The colour perceived by the human eye is a concept based on the theory of electromagnetic radiation of the optical range. Isaac Newton was the first who brought visible colours into a system and made a colour circle of seven sectors matching seven colours of the rainbow (red, orange, yellow, green, blue, blue, violet). White is pure light, which contains the entire colour spectrum, and black is darkness, the absence of light.

Pairs of colouгs that are diagonally to each other in the spectrum are called additional colours (or complementary) this is a synonym for the concept - opposite colours. The three primary colours of the first order are placed in an equilateral triangle so that yellow is at the top, red is at the bottom right and blue is at the bottom left.
Then this triangle fits into a circle and on its basis an equilateral hexagon is built. In the resulting isosceles triangles, we place three mixed colours, each of which consists of two primary colours, and thus obtain second-order colours:

  • Yellow + Red = Orange
  • Yellow + Blue = Green
  • Red + Blue = Violet
All second-order colours are thoroughly mixed. They should not tilt to any of their components. Orange should not be too red or too yellow, and violet should not be too red or too blue. Then, at some distance from the first circle, we draw the other and divide the obtained ring between them into twelve equal parts, placing the main and compound colours at their location and leaving an empty sector between each two colours. In these empty sectors, we introduce third order colours, each of which is created by mixing the first and second order colours, and get:

  • Yellow + Orange = Yellow-Orange
  • Red + Orange = Red-Orange
  • Red + Violet = Red-Violet
  • Blue + Violet = Blue-Violet
  • Blue + Green = Blue-Green
  • Yellow + Green = Yellow-Green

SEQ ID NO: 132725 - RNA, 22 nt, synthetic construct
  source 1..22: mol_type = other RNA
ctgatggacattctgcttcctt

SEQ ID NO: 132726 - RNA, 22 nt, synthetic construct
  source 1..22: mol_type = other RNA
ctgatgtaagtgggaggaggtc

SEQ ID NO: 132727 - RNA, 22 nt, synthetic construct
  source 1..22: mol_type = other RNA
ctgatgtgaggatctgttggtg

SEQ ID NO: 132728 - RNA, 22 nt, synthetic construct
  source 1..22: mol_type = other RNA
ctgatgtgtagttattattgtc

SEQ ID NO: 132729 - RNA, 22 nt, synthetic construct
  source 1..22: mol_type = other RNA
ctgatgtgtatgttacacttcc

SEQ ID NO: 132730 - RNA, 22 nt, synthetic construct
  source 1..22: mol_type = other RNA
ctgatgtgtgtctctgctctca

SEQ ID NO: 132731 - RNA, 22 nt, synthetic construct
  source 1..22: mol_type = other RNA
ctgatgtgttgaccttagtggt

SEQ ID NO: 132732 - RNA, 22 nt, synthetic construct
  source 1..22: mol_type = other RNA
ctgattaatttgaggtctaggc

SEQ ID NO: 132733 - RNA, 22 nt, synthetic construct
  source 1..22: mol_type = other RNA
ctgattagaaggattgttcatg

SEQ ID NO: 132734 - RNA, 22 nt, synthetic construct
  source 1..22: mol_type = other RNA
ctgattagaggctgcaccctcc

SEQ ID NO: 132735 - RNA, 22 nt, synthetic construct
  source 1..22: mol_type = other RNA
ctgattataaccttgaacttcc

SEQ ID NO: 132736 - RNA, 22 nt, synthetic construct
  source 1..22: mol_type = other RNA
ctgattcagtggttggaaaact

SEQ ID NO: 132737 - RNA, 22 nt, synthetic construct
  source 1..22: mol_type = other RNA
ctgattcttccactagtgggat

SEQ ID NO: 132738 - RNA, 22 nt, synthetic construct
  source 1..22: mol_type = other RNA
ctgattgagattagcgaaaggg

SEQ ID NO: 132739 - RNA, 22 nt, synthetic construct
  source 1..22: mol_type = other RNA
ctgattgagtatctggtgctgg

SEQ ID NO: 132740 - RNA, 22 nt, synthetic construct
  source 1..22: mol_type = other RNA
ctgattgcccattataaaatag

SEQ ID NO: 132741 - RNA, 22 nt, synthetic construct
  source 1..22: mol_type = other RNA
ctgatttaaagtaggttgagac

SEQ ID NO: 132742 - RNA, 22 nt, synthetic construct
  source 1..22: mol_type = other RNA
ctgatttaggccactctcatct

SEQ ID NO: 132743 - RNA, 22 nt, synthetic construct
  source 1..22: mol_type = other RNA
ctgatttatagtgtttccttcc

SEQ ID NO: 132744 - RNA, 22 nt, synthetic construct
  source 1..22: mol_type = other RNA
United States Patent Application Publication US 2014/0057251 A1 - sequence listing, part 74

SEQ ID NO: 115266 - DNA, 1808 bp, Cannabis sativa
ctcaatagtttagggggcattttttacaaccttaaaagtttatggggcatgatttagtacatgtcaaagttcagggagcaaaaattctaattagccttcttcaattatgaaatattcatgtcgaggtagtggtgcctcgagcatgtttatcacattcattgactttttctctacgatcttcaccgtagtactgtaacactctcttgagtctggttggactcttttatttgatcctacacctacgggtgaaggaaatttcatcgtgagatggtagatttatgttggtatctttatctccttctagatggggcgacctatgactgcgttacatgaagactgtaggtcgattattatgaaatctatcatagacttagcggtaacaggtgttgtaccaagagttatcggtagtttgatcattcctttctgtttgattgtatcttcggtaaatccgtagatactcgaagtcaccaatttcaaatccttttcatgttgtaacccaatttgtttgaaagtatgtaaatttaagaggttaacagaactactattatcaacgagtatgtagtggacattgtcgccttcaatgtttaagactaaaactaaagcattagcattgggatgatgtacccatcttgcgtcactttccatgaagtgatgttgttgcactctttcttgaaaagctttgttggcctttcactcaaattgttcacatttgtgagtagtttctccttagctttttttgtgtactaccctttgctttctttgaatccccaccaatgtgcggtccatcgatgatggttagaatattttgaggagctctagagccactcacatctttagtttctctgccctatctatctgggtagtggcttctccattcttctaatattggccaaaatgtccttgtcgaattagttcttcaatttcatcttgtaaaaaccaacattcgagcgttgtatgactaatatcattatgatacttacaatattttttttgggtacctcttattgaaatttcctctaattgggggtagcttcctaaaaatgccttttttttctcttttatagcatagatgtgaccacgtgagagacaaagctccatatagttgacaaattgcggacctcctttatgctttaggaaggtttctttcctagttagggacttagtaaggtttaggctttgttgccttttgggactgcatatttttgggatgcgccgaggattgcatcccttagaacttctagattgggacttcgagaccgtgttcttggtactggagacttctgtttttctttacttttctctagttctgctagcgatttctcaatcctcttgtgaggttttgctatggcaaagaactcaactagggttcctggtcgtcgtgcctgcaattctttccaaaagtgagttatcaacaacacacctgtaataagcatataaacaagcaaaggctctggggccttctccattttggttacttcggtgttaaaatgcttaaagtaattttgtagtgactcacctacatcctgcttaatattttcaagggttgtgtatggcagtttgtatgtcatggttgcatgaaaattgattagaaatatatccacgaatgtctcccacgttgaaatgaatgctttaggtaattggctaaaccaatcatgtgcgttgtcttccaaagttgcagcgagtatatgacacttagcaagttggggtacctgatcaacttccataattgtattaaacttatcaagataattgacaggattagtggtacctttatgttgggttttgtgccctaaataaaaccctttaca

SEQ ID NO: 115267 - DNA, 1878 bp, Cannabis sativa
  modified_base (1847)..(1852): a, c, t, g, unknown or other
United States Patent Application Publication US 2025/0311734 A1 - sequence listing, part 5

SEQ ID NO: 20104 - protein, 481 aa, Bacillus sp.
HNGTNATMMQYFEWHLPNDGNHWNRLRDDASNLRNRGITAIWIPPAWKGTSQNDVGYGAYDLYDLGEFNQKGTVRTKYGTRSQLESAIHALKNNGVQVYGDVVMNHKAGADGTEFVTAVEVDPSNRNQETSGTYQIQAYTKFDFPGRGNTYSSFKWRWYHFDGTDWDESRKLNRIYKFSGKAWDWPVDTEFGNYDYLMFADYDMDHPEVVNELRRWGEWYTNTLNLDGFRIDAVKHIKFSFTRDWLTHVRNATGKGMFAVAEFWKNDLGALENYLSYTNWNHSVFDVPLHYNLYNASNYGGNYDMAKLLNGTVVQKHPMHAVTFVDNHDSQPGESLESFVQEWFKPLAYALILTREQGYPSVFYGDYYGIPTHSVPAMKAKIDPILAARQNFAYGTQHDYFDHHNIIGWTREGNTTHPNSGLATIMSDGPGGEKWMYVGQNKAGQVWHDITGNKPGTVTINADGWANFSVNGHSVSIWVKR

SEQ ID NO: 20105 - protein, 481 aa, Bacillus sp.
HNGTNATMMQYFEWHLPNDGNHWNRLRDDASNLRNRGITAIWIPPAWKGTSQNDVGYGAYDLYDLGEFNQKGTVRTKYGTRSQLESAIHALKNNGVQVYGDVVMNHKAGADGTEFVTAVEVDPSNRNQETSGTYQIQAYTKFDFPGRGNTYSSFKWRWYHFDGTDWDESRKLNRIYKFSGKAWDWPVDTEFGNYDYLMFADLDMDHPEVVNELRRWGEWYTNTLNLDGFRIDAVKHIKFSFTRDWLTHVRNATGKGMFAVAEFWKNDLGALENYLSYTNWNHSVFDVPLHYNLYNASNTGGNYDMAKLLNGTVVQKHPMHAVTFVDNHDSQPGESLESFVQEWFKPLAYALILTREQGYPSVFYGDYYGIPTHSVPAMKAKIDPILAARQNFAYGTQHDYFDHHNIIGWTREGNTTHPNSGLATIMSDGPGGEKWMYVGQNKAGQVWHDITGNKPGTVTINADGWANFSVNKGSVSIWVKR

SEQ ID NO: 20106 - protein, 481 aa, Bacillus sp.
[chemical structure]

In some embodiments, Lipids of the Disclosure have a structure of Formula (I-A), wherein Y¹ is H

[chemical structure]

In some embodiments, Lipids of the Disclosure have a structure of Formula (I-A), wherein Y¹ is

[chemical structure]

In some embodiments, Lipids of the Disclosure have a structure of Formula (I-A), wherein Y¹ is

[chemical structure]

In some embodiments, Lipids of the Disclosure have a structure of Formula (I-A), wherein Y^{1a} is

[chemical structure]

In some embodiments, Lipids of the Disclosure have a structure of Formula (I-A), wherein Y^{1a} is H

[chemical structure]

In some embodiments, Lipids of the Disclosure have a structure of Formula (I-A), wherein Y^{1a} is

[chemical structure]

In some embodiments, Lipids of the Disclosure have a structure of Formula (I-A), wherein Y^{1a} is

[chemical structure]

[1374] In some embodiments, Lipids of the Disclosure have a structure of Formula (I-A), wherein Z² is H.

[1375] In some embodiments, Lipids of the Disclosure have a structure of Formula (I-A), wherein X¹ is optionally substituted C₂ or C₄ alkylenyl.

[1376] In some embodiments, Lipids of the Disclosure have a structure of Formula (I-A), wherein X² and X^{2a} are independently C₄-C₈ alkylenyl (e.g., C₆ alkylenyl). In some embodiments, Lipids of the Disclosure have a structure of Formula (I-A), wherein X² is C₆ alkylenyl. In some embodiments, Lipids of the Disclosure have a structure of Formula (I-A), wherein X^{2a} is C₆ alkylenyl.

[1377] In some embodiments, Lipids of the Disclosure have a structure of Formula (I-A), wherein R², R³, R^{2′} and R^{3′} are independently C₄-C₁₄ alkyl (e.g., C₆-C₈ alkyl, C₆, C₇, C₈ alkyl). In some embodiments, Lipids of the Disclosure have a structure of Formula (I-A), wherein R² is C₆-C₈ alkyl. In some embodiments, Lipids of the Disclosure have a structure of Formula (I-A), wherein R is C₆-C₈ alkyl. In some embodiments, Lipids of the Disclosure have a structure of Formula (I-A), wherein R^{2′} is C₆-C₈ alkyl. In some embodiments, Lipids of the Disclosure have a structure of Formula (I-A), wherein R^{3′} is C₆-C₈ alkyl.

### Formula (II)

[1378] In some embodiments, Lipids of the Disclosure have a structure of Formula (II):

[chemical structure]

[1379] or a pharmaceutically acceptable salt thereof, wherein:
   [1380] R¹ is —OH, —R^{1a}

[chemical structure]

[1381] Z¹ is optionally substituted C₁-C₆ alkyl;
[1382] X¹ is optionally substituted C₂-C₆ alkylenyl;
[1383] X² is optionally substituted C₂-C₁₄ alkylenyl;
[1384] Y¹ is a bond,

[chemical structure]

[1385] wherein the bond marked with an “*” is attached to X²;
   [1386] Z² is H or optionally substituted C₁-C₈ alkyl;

Thus, the correct colour circle of twelve colours appears, in which each colour has its own unchanged place, and their sequence has the same order as in the rainbow or in the natural spectrum.
In our circle, all twelve colours have equal lengths, so colours occupying diametrically opposite places in relation to each other are additional. This system allows you to instantly and accurately imagine all twelve colours and easily arrange all their variations between them.


The theory of light gives the artist an idea of ​ ​how colour waves of different lengths perceived by the eye show themselves. Different sections of the spectrum differ from each other in wavelength and frequency. Violet waves are the shortest and tonally weak, and red waves are the longest and most intense. This property gives us a feeling of warm-cold shades of colour.

In painting, knowledge of the optical properties of light and colour is used when solving illumination (cold light - warm shadow and warm light - cold shadow), when solving heat-cold relations and when transmitting light-air medium: what is closer to us is warmer, what is further is colder.
The colours of the spectrum are divided into warm and cold according to their position in the system. Such a separation serves only as a starting point for further characteristics. Since physiologists noticed long ago that the effect of warm colours on the body corresponds to a warmer feeling, and cold ones to colder, it is quite fair to believe that the admixture of warm colour to cold makes it only warmer, but not warm. Warm-cold property is not an absolute, but a relative quality of colour.

Any colour can be warm or cold not due to an admixture of another colour, but with respect to another colour, for example, Prussian Blue is warmer than Ultramarine, Madder Lake Red is colder than Cadmium Red, and Ultramarine and Prussian Blue together will be cold with respect to Madder lake Red and Cadmium Red, which belong to warm colours.

Warm-cold property of the colour also depends on saturation. Optimally saturated, pure colours will always be perceived colder than their corresponding weakly saturated colours. Thus, the absolute division of colours into warm and cold for painting, in which colour is always taken in a relationship, does not mean anything. For painting practice, not the definitions of "cold" and "warm" are much more important, but the definitions of "warmer," "colder."

Completing the theme of colour theory, it is necessary to say once again that the ability to see colour and reproduce it in painting can be nurtured, developed, and the artist's reasonable use of all the chemical and physical properties of paints will be a guarantee against unsuccessful colour experiments. This knowledge will help to achieve the desired result in painting and will make the best use of the features of the material in the work.


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